Sunday, 2 October 2011
Eastern promise: Growing Lemongrass
Lemongrass (Cymbopogon citrates) is one of the staple ingredients in Asian cuisine, where it is used in everything from soups and curries to green teas. Lemongrass is a frost-tender perennial which can grow up to six feet tall and spread two-three feet wide. Its long, thin bright green leaves are packed with a dense citrus flavour. The stalk and leaves both contain a very distinct and strong aromatic oil called citral, which smells like — you guessed it — lemons!
Now that lemony smell isn’t just refreshing, it also keeps away those tiny blood-sucking terrors we call mosquitoes. While some feel that simply planting lemongrass is enough, the real mosquito-repelling benefit comes from its essential oil, which can work as an effective replacement for commercial insect repellents.
That’s not all. If you are someone who values organic over chemical health and beauty products, lemongrass is just what you need. Lemongrass essential oil is known for its antiseptic and revitalising properties. It’s a perfect natural toner for your skin. It improves circulation, tones muscles, cures acne and neutralises oily skin.
Its diuretic properties promote digestion, remove excess water and toxins from the body and reduce swelling. Being an effective astringent, lemongrass strengthens the contraction of gums and hair follicles resulting in stronger teeth and less hairfall. In case of injuries, it helps in clotting blood quickly.
Lemongrass is valued for its antipyretic (fever-reducing) properties too. A few cups of lemongrass tea can bring down even high fevers. Essential lemongrass oils and teas can also help you recover from depression by uplifting the spirit thanks in no small part to its smell. It helps relieve muscular pains too.
Besides this, lemongrass oil also assists in treating nervous disorders such as shaking hands or limbs, and lack of reflexes by strengthening and activating nerves.
There is good news for lactating mothers. Apart from the innumerable reasons to include lemongrass in your diet, lemongrass oil is also a popular galactagogue agent that not only improves the quality of milk produced but also increases the quantity. However, you must not consume lemongrass if you know you are pregnant because it can lead to a miscarriage.
Growing lemongrass in your garden
Now let’s get down to the nitty-gritty of how to grow this miracle plant.
Lemongrass is hard to germinate from seed but if you are able to get a few seedlings through germination you should be more than happy!
Spread the seeds in a small container filled with sand and compost (70:30) and cover lightly with moist compost. Seal the pot with a plastic bag to maintain the moisture and to control the temperature. With a steady temperature of 20-22 degrees Centigrade, the seeds will germinate in 25-40 days. Fluctuating temperature will result in poor or failed germination.
When the seedlings are large enough to handle, transfer them to individual pots and keep them in partial shade. Since these are tropical plants, they will grow best in moist soil in a sunny spot. Gradually introduce your plants to full sun.
Divide and rule
Personally, I have never grown lemongrass from seeds. Instead, once a year, I divide the plants to propagate them. You can do the same by buying a plant from a nursery. My plant was a present from a friend and it turned out to be one of the best growing plants in my garden. The best time to propagate your plants by dividing is in early spring or autumn. The plant can be separated and replanted as soon as it has developed strong roots. To divide them, carefully remove the entire plant from its pot and shake it gently to loosen the soil but do not remove it all. Carefully separate a stem along with its roots from the others and replant it. Take care of the new plant by watering it and keeping it under partial shade for a few weeks.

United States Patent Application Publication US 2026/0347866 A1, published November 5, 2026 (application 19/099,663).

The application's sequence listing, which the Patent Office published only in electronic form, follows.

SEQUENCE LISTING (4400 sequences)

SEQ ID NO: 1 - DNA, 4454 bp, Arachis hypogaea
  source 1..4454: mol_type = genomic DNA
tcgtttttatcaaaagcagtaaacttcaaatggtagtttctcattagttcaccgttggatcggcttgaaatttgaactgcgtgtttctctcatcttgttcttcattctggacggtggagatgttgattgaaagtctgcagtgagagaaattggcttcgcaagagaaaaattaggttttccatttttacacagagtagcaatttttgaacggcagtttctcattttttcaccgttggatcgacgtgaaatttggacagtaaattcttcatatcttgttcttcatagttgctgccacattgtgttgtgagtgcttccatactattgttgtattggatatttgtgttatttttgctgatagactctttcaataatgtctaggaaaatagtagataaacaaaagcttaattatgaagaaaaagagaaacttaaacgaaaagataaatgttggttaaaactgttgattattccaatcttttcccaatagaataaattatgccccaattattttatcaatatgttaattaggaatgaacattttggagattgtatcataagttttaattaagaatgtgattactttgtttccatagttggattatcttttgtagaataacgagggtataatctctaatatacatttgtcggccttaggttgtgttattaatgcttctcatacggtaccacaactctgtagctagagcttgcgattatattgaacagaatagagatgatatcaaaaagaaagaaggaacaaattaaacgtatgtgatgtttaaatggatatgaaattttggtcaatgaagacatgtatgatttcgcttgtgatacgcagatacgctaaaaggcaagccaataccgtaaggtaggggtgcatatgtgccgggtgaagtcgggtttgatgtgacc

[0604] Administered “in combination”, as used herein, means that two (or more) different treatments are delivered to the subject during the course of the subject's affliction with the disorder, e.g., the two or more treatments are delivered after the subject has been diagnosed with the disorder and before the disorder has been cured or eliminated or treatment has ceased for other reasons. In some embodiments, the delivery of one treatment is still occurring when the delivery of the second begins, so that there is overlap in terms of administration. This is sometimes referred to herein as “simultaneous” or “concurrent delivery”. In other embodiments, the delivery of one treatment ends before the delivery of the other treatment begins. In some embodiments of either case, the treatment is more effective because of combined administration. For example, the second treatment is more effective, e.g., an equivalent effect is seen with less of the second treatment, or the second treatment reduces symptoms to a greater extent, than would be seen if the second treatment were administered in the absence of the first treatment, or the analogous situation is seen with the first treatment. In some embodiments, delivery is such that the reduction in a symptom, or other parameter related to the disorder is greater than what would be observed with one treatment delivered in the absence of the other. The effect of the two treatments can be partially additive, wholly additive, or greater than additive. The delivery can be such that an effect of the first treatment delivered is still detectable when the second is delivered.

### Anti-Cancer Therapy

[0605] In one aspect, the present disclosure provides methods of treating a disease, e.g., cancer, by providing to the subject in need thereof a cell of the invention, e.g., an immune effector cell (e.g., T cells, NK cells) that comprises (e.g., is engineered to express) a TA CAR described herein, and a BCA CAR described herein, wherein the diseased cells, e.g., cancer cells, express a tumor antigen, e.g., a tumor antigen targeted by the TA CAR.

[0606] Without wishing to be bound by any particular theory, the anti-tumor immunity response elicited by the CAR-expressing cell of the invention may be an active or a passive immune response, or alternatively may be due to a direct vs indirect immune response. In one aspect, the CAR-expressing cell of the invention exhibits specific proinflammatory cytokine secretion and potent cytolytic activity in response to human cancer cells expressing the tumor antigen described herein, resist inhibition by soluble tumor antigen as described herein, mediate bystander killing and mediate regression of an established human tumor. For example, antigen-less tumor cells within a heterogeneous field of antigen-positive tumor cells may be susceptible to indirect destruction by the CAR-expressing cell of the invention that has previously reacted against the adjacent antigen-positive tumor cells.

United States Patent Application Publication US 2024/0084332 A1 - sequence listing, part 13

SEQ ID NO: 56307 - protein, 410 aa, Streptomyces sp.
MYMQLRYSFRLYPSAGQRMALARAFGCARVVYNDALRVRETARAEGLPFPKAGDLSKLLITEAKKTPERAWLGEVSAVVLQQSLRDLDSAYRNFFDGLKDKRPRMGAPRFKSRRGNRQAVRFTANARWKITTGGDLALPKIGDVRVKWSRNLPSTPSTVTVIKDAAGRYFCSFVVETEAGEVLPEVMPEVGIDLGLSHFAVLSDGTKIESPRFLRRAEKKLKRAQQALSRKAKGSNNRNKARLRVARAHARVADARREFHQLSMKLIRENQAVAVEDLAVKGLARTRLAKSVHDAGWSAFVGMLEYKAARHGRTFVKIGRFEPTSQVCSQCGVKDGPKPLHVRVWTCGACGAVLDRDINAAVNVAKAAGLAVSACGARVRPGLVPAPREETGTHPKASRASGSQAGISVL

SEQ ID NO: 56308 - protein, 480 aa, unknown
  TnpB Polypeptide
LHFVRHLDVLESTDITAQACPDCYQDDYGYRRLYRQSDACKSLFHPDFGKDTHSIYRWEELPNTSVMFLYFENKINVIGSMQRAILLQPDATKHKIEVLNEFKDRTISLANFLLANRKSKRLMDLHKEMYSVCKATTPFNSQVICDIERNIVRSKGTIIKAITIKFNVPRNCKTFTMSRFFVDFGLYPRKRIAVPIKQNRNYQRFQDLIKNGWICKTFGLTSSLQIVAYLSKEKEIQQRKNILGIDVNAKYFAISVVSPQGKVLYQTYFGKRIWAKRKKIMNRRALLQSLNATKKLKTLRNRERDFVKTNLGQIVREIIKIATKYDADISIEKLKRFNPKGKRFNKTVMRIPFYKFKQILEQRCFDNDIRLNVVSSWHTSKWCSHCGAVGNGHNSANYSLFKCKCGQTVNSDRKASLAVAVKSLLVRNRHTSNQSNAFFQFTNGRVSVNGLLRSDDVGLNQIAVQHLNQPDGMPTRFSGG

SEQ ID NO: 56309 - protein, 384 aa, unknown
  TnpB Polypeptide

Lemongrass can be grown in pots or as a border in your garden. They will love a 12-14 inch container and occasional feed or organic compost. The plants are insect repellents themselves and because of that they are virtually pest-free.
Harvesting and beyond
Summers will bring flowers to lemongrass that will soon produce hundreds of seeds that you can save. Once your plant is three months old, you can start harvesting its leaves by cutting them from the bottom, just near the stem.
You can use them fresh or dry and you can store them in airtight containers to use later.
Freeze your herbs instead of drying
Drying is a classic way to store herbs for later use while preserving the flavour and aroma. However, classic drying means that you will lose the colour. Well, this handy technique lets you preserve the colour as well!
Pick fresh leaves of lemongrass, rinse properly and chop into one inch pieces. Fill your ice cube trays with water and add a few cuttings in each. Most herbs (especially mint) look attractive frozen in an ice-cube and can even be used to add zing to a cold drink.
You can also store lemongrass by making small packets of the herb using butter paper and freezing it in an air tight container.
Every garden should have this fantastic plant that tastes and smells like lemon, cures uncountable illnesses, makes skin beautiful, reduces fat, makes teeth stronger and hair stunning, soothes senses, repels insects and makes the garden greener!
Published in The Express Tribune, Sunday Magazine, October 2nd, 2011.